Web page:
He was a delegate to the Constitutional Convention of 1787, and on the 29th of May presented the "Virginia plan" (sometimes called the "Randolph plan").1 In the Convention Randolph advocated a strongly centralized government, the prohibition of the importation of slaves, and a plural executive, suggesting that there should be three executives from different parts of the country, and refused to sign the constitution because too much power over commerce was granted to a mere majority in Congress, and because no provision was made for a second convention to act after the present instrument had been referred to the states.
They were all designed for Fortune 500 executives, not poorly paid detectives sworn to keep the streets safe for orphans and widows.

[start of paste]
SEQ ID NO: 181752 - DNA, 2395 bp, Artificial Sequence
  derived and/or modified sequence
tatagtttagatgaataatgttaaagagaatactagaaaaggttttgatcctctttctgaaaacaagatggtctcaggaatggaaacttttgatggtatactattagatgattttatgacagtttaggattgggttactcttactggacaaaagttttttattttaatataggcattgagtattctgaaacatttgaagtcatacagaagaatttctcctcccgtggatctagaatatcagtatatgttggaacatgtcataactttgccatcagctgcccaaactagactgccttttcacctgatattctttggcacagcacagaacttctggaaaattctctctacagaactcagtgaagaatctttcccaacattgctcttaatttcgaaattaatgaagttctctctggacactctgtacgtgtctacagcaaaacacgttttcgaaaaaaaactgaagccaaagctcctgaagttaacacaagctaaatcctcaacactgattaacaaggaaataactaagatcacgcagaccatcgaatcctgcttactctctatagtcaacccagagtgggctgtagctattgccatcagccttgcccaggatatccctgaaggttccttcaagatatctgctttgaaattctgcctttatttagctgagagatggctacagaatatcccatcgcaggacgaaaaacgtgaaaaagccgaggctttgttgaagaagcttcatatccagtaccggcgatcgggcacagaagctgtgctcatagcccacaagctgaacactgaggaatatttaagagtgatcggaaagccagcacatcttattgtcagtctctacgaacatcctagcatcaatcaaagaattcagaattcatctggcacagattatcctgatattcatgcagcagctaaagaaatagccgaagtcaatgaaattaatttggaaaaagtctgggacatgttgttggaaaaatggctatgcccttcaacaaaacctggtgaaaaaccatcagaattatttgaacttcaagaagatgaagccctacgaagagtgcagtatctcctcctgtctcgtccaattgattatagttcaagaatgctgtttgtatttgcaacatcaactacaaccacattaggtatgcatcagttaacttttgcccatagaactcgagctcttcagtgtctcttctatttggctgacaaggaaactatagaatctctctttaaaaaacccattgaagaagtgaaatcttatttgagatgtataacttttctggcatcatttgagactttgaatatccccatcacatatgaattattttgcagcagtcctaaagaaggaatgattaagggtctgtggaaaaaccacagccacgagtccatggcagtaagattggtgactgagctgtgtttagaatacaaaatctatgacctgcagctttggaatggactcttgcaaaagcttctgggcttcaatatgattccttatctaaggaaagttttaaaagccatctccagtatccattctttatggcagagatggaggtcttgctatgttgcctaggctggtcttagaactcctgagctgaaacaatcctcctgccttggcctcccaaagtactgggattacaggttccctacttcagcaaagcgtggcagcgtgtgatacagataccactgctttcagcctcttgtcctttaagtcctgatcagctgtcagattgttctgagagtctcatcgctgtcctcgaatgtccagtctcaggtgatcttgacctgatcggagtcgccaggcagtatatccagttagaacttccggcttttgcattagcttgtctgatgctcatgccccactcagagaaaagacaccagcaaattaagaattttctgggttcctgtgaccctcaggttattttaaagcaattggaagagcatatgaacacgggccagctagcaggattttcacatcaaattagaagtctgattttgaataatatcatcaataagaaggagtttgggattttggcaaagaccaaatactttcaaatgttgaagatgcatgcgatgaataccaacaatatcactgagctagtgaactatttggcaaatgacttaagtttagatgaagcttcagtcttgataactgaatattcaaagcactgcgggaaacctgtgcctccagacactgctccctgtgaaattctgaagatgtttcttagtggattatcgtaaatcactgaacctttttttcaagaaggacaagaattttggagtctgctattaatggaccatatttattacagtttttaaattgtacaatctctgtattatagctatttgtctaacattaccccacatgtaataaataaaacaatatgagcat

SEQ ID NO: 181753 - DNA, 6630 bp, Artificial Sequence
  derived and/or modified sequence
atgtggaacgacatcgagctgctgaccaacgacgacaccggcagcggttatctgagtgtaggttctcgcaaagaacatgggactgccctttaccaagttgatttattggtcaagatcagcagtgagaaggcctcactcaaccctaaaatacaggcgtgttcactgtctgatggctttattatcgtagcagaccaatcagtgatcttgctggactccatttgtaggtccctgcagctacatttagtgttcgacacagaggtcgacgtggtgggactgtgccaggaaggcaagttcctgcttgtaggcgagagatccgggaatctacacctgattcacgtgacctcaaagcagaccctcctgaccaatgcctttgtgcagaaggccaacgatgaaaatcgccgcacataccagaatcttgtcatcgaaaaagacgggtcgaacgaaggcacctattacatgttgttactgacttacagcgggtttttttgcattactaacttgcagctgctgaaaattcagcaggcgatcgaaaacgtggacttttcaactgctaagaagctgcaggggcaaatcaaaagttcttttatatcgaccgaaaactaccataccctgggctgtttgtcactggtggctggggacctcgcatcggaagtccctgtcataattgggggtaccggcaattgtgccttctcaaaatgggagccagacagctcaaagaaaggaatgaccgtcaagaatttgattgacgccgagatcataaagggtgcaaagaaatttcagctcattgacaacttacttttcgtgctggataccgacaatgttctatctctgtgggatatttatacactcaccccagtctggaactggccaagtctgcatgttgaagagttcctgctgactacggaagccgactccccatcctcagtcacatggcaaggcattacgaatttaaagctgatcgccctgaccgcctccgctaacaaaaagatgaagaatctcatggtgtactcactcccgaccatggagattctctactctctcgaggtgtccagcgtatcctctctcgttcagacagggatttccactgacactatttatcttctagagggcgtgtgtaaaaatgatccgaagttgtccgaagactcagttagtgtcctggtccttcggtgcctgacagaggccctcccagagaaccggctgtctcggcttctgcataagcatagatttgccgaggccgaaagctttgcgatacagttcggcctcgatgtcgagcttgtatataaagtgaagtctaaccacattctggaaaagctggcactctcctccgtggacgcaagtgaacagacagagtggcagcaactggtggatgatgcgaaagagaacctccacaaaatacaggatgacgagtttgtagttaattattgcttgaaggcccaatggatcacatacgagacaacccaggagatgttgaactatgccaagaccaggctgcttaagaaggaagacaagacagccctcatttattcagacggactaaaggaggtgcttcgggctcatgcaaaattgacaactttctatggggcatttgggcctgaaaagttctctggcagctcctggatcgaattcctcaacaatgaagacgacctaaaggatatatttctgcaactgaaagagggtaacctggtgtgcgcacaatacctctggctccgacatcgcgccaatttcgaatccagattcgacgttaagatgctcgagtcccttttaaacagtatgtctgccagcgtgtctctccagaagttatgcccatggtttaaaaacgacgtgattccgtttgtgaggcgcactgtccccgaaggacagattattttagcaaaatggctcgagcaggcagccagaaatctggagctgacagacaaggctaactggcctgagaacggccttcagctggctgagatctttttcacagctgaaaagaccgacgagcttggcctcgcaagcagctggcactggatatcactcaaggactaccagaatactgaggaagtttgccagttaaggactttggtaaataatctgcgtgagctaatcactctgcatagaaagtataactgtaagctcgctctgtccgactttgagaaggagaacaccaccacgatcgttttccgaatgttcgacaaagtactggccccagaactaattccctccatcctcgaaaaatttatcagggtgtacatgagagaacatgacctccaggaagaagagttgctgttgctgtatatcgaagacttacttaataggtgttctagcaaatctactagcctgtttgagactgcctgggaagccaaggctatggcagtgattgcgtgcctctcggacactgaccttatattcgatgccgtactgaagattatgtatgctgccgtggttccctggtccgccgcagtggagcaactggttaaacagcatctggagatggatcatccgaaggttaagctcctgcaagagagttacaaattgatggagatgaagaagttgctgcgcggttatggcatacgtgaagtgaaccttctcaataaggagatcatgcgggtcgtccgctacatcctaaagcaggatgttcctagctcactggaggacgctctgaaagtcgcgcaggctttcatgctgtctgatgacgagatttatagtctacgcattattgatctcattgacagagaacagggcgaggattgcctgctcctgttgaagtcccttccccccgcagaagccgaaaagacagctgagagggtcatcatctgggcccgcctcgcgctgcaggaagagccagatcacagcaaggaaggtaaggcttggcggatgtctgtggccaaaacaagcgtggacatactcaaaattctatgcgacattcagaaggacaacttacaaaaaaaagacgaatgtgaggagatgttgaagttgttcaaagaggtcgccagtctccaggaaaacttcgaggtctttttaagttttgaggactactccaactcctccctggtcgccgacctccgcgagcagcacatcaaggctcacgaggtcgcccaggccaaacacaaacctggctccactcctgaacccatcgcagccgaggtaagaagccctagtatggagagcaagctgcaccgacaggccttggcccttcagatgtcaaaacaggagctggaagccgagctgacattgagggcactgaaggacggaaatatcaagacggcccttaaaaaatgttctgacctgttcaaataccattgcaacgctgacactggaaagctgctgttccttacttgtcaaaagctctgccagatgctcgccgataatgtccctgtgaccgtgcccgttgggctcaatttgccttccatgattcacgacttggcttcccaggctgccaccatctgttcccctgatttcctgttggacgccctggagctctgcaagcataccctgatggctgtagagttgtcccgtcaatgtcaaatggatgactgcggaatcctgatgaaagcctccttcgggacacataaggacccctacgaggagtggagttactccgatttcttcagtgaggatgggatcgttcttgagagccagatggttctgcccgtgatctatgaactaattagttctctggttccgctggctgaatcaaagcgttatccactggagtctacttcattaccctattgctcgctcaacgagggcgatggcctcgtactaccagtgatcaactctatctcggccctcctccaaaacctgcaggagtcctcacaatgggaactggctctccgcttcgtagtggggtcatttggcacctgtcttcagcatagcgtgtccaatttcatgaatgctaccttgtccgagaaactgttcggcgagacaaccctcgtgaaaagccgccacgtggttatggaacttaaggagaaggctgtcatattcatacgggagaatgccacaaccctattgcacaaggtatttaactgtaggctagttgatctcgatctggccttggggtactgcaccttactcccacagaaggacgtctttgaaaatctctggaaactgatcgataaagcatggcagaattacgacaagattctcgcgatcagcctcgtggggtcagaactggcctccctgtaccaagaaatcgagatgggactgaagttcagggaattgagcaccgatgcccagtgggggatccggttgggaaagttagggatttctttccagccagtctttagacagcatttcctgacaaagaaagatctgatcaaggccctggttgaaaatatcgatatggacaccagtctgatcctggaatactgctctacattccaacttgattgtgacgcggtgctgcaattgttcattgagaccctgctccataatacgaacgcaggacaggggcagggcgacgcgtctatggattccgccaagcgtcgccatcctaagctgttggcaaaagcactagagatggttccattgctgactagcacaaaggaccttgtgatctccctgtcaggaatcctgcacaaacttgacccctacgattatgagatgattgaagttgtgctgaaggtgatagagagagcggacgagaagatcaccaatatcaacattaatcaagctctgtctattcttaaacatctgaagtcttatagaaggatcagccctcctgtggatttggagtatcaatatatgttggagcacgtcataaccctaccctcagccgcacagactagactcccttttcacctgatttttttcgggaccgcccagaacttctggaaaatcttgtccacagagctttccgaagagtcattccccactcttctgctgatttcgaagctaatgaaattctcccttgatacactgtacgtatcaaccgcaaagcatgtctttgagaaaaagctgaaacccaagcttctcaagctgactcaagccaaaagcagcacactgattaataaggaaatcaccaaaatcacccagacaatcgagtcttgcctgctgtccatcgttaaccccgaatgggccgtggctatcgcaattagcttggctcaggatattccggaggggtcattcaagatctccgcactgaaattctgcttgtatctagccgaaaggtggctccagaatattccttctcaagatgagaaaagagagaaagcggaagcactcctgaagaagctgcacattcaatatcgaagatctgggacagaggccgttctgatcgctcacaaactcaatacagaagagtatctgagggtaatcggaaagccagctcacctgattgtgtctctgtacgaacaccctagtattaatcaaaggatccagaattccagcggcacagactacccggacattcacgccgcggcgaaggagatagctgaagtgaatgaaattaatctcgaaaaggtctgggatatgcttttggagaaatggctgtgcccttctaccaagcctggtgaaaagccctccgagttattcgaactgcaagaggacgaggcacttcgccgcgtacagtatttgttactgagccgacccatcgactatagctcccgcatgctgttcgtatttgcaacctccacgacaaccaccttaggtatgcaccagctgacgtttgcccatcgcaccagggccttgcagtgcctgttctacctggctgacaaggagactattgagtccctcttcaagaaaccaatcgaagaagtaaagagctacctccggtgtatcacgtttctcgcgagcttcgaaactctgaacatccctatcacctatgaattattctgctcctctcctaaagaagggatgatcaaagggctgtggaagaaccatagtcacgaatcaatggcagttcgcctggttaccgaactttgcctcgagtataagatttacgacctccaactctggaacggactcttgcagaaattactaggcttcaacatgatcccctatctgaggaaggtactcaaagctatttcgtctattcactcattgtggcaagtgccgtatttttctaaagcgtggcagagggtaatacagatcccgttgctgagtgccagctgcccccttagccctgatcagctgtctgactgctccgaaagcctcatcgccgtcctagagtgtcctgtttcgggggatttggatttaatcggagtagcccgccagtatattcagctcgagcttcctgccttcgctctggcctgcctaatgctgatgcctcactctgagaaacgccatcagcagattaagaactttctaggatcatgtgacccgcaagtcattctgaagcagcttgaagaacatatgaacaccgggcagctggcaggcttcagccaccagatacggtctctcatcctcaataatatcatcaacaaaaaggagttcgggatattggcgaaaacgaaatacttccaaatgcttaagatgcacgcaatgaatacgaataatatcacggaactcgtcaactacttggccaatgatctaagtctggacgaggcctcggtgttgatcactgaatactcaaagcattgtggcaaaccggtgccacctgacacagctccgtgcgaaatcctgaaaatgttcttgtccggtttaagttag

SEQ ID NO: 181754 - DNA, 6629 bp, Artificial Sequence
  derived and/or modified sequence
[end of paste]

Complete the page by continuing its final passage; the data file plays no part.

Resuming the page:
Loyal to American interests and devoted to General Washington, he was one of the most useful of the state executives during the War of Independence.
Except in one disturbed month, August 1884, when there were three changes of ministry in eighteen days, executives were more stable than in the colony's earlier years.
Not the least of these burdens were the personal and irregular drafts of some of the executives upon the treasury and revenue officers, particularly the custom-house of this port, upon which the republic depended for the major part of its revenue.